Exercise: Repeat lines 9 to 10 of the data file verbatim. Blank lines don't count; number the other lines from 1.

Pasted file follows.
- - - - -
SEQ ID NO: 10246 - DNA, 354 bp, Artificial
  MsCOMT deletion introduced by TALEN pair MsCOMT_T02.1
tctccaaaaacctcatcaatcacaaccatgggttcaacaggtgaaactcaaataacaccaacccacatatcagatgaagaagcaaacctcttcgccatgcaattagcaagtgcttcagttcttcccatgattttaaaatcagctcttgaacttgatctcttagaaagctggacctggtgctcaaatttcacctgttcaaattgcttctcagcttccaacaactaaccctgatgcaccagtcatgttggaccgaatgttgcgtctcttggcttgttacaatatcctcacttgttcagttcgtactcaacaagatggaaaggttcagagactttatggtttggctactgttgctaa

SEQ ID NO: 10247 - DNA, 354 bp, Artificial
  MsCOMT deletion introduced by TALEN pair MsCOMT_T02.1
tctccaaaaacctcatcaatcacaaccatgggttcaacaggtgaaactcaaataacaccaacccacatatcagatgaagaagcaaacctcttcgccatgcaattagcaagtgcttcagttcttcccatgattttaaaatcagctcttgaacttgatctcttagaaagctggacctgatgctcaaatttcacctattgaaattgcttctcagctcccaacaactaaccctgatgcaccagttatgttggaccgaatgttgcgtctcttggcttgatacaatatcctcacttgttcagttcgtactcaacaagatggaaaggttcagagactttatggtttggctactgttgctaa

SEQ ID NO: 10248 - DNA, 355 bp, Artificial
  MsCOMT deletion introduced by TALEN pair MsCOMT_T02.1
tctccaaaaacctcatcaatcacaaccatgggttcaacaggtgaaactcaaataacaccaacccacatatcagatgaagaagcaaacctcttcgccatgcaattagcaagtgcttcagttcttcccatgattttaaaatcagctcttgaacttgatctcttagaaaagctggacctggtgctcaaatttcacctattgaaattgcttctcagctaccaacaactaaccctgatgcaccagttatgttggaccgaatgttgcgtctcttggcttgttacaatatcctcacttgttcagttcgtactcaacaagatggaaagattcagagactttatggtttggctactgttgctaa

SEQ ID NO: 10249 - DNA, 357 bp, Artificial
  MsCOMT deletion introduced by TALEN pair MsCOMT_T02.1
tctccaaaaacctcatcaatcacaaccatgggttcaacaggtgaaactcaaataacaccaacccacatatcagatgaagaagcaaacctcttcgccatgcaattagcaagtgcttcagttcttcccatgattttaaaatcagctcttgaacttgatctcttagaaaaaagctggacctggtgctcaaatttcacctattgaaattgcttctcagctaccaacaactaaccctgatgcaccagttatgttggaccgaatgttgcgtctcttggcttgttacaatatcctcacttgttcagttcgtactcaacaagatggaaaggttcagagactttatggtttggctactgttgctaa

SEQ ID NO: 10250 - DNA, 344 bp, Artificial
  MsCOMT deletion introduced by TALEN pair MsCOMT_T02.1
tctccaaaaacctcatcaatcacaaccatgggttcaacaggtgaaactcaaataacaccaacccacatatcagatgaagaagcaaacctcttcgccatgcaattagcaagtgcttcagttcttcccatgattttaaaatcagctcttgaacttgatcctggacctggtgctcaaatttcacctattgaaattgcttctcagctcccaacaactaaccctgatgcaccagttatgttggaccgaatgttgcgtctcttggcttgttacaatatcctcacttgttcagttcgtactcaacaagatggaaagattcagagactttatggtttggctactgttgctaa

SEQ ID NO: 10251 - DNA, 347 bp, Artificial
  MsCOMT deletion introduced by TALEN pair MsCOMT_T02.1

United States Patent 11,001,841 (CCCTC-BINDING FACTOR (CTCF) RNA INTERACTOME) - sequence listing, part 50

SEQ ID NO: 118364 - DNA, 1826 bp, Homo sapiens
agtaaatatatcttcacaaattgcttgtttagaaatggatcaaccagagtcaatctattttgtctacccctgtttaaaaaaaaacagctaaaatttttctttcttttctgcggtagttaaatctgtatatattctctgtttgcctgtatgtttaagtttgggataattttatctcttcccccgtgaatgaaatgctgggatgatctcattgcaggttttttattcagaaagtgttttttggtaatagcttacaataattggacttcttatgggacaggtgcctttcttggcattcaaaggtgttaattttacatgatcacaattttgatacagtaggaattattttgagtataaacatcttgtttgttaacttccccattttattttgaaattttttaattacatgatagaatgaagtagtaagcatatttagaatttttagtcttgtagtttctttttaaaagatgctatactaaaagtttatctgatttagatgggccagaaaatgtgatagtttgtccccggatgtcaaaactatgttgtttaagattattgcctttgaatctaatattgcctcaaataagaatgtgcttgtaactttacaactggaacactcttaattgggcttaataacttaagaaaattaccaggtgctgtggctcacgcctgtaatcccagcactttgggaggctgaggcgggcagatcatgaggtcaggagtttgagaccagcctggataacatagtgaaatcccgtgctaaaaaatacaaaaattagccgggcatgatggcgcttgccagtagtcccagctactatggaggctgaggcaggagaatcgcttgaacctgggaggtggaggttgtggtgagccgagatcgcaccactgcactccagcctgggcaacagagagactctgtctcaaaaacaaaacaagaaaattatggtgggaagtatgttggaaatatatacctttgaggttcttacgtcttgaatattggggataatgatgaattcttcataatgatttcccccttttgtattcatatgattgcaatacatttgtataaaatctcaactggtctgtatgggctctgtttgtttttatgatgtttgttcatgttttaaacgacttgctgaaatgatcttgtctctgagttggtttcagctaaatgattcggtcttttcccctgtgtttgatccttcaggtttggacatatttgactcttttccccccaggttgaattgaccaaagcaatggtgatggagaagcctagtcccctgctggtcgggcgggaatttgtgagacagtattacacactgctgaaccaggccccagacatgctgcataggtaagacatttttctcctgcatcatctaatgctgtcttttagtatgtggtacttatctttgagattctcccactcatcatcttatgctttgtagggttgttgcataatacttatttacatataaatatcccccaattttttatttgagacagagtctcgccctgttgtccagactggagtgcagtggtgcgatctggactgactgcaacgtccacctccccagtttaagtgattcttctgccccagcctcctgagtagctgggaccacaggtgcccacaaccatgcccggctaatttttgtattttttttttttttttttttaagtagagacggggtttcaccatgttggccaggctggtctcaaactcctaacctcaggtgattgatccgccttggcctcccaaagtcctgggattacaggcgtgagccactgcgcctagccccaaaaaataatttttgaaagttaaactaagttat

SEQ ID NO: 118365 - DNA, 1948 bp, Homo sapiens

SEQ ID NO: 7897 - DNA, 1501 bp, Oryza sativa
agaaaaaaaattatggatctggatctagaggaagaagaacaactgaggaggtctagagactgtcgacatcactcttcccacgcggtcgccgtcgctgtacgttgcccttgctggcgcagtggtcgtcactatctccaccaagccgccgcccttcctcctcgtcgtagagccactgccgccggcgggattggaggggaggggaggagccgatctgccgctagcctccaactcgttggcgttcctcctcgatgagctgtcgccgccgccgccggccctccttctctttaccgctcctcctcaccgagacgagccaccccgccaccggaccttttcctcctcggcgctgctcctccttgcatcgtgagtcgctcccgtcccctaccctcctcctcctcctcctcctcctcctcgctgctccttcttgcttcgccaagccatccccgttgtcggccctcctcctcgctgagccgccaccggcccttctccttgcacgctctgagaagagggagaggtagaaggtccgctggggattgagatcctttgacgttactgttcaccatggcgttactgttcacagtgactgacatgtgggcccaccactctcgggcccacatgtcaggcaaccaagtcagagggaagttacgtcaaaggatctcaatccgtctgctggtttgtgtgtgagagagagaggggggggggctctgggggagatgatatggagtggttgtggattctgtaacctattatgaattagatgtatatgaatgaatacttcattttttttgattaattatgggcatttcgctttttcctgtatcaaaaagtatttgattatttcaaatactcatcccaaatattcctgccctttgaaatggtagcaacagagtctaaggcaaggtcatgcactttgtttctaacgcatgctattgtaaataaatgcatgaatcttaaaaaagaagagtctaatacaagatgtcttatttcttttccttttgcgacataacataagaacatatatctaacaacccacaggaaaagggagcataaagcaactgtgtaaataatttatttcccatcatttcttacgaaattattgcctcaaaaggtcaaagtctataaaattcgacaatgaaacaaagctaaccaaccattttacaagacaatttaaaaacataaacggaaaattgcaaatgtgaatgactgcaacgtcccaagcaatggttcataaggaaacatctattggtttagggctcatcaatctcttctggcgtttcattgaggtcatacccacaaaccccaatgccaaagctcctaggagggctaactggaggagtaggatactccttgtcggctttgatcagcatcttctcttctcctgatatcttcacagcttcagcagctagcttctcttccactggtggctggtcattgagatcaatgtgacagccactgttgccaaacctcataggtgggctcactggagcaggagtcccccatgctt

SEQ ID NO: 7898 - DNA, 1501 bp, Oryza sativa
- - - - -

tctccaaaaacctcatcaatcacaaccatgggttcaacaggtgaaactcaaataacaccaacccacatatcagatgaagaagcaaacctcttcgccatgcaattagcaagtgcttcagttcttcccatgattttaaaatcagctcttgaacttgatctcttagaaaagctggacctggtgctcaaatttcacctattgaaattgcttctcagctaccaacaactaaccctgatgcaccagttatgttggaccgaatgttgcgtctcttggcttgttacaatatcctcacttgttcagttcgtactcaacaagatggaaagattcagagactttatggtttggctactgttgctaa

SEQ ID NO: 10249 - DNA, 357 bp, Artificial